In 1888, the U.S. Fish Commissioner began looking for a site in the Rocky Mountain Region that would be suitable for propagating game fish and replenishing the dwindling number of fish used as a food source. A site at the base of 14,000 foot Mt. Massive was chosen for its cold, clean water supply and nearby sources of native Cutthroat trout. It was at this location that the Leadville National Fish Hatchery was built, Congress having appropriated $15,000 for the facility.
Transporting fish in the early days was not a simple matter of loading them onto trucks and driving them to a destination. “State-of-the-art” shipments were done via train car. In 1881, federally-raised fish traveled first class in rail cars designed for their health and comfort - along with their human attendants. By the turn of the century, their was a fleet of these specially designed train cars in use throughout the United States. But not all fish traveled via luxury train cars. Many still reached their destinations traveling in milk cans via horse and wagon. The trip was often perilous and fraught with danger. Such was the report from an employee in 1898 - “first (one can) slid off the wagon and a very few (fish) were spilled; then the top flew out when the mule jumped over a log, -and we lost possibly a couple of hundred, then the rope came out of the handle and the top flew off again but only a few got out . . . " Time brings progress, however, and today fish are stocked using tank trucks and sometimes helicopters.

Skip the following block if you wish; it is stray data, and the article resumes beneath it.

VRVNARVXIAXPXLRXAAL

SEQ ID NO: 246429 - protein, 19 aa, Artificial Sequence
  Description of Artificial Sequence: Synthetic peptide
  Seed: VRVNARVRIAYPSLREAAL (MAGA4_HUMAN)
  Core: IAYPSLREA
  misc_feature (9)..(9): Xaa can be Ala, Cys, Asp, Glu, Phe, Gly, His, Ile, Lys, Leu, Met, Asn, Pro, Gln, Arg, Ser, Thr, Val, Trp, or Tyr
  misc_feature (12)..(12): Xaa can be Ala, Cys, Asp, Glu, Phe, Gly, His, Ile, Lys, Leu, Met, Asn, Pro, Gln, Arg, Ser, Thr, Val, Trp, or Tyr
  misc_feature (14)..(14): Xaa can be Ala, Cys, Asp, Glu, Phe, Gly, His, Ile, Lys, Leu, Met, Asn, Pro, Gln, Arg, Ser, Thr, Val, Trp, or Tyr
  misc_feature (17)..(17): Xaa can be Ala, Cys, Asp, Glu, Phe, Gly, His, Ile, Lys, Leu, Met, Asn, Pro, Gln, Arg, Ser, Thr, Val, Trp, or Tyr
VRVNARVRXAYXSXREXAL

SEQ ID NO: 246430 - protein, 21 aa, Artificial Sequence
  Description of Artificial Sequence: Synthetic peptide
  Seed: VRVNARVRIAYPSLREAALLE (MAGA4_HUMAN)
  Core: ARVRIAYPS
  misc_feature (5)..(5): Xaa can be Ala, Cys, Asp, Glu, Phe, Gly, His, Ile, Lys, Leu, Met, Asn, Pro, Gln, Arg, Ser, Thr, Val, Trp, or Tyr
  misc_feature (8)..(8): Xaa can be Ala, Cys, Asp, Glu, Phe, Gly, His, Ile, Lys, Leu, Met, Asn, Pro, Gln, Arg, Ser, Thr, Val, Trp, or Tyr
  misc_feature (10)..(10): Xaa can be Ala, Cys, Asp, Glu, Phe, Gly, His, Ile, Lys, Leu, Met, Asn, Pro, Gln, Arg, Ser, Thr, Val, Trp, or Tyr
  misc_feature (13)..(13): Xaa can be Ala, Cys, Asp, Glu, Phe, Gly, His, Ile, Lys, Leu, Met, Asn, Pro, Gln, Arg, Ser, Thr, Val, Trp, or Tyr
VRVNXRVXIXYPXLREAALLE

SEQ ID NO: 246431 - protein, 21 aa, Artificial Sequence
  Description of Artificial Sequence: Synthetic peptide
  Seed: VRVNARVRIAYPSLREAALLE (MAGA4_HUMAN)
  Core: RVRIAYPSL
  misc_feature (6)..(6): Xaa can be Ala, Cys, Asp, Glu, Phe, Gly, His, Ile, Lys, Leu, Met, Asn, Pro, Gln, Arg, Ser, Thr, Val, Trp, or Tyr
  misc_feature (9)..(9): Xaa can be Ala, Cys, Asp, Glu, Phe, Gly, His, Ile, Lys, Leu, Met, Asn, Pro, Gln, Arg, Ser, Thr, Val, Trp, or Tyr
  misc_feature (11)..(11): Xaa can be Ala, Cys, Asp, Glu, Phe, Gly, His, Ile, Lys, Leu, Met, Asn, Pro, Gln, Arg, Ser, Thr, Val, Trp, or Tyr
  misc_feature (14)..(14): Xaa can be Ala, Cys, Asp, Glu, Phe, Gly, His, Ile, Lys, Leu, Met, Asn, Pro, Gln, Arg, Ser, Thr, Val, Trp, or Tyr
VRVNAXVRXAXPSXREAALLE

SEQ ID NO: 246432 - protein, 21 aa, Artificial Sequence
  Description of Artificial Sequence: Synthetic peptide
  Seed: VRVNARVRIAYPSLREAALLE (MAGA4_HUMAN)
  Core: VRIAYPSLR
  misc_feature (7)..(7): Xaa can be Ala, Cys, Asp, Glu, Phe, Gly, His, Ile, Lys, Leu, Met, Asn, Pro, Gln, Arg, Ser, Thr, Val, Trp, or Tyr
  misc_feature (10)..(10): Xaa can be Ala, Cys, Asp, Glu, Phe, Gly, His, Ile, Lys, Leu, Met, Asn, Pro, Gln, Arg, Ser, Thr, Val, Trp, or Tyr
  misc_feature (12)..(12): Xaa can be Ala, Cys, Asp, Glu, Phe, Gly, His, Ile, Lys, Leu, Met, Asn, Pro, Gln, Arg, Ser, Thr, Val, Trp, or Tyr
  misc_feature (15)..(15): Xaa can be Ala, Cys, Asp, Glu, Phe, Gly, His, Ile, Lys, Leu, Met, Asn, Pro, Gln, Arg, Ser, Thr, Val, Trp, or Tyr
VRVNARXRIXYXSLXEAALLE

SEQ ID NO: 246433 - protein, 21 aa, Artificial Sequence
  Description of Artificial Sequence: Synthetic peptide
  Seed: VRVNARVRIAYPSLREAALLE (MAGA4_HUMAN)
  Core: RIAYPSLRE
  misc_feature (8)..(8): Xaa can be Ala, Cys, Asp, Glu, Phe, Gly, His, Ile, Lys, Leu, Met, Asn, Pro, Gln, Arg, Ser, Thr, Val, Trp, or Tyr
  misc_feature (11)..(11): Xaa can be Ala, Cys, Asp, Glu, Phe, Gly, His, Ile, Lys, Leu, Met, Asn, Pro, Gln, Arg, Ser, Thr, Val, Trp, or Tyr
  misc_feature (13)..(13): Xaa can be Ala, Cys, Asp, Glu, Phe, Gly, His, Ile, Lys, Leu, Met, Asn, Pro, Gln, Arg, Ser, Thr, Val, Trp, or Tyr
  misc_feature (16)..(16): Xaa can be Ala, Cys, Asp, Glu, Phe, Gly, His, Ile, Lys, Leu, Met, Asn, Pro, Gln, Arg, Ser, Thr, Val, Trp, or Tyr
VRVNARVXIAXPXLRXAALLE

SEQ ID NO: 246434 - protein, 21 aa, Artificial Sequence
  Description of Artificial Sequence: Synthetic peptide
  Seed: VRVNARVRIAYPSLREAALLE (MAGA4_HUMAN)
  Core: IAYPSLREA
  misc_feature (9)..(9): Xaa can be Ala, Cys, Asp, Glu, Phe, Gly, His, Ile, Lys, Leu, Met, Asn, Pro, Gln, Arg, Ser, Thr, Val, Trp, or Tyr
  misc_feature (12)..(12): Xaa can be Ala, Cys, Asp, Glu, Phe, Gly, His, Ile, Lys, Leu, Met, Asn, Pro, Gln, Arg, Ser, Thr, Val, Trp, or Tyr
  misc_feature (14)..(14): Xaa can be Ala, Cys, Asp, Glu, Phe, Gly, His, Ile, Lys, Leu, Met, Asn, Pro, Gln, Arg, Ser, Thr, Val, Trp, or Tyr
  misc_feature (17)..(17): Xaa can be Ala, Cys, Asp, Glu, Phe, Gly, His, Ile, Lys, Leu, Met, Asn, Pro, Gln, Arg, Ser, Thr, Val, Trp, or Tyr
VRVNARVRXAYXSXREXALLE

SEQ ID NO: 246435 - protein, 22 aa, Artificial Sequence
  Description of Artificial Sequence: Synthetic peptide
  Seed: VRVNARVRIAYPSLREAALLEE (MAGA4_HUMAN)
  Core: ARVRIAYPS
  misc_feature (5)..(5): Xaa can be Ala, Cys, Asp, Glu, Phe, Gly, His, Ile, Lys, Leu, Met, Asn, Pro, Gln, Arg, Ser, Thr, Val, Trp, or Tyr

Today, 120 years after its beginning, the Leadville National Fish Hatchery continues to fulfill its role in providing trout for sportsmen and women throughout the Rocky Mountain Region. The hatchery still welcomes visitors. As in the early days, they are able to learn about “fish farming," as well as enjoy picnics and hikes on the many trails that meander through the 3,072 acres of hatchery property. During the late fall and winter months, many visitors enjoy snow shoeing and cross-country skiing in the quiet forests above the hatchery.
The main building, still in use today, was constructed of native red sandstone. It required over 30 stonemasons, and was described, in a news article of the day, as “the most magnificent building in western Colorado.” Another article stated, “The hatchery promises to be a great resort for sightseers and those desiring to observe the great insights of “fish farming.” In fact, then, as now, encouraging visitors was a high priority. The grounds were planned and maintained with an eye to attracting visitors, and it was noted that they would “always be welcomed and every courtesy shown to them.” This beautiful stone hatchery building was placed on the National Register of Historic Places in the 1970's. The view from the front of the hatchery remains as beautiful as it was in 1889 - perhaps more so. Seen off in the distance, the city of Leadville is surrounded, once again, by the growth of pine forests that were depleted for construction and mine timbers during the silver boom of the late 1800's.
The raising of trout at the hatchery began even before the completion of the main building. Eggs collected from trout from several high Colorado lakes were incubated in a temporary building during the fall of 1889. In 1891, the first distribution of fingerling fish was made to lakes and streams in Colorado, South Dakota, and Nebraska. A newspaper article from 1910 reported that “the usual of brook trout was successfully made to Argentina. Rainbow eggs were forwarded to Germany and to the private preserves of his Imperial Majesty, the Mikado of Japan, while spawn of the native trout has been forwarded to France.” Native trout were also sent all over the United States from Maine to Washington, including Wyoming, New Mexico, Arizona and Nevada.
Last updated: January 23, 2012